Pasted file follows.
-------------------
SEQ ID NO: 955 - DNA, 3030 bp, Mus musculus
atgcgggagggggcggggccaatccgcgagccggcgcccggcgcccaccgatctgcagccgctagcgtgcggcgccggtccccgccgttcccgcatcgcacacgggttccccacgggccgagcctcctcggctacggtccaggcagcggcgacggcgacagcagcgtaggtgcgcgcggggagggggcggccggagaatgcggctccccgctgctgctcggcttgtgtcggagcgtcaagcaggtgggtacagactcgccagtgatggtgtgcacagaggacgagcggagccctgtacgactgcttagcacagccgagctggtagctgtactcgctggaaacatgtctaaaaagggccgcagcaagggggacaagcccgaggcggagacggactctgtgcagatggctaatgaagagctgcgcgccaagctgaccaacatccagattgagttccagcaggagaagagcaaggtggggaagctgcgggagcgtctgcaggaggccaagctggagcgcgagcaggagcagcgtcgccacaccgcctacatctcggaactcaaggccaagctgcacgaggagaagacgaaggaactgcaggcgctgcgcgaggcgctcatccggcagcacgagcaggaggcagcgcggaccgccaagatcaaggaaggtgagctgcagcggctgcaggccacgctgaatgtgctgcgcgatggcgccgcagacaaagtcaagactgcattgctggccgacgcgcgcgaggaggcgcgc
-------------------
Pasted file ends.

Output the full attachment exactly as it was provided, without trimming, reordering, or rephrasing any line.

SEQ ID NO: 955 - DNA, 3030 bp, Mus musculus
atgcgggagggggcggggccaatccgcgagccggcgcccggcgcccaccgatctgcagccgctagcgtgcggcgccggtccccgccgttcccgcatcgcacacgggttccccacgggccgagcctcctcggctacggtccaggcagcggcgacggcgacagcagcgtaggtgcgcgcggggagggggcggccggagaatgcggctccccgctgctgctcggcttgtgtcggagcgtcaagcaggtgggtacagactcgccagtgatggtgtgcacagaggacgagcggagccctgtacgactgcttagcacagccgagctggtagctgtactcgctggaaacatgtctaaaaagggccgcagcaagggggacaagcccgaggcggagacggactctgtgcagatggctaatgaagagctgcgcgccaagctgaccaacatccagattgagttccagcaggagaagagcaaggtggggaagctgcgggagcgtctgcaggaggccaagctggagcgcgagcaggagcagcgtcgccacaccgcctacatctcggaactcaaggccaagctgcacgaggagaagacgaaggaactgcaggcgctgcgcgaggcgctcatccggcagcacgagcaggaggcagcgcggaccgccaagatcaaggaaggtgagctgcagcggctgcaggccacgctgaatgtgctgcgcgatggcgccgcagacaaagtcaagactgcattgctggccgacgcgcgcgaggaggcgcgc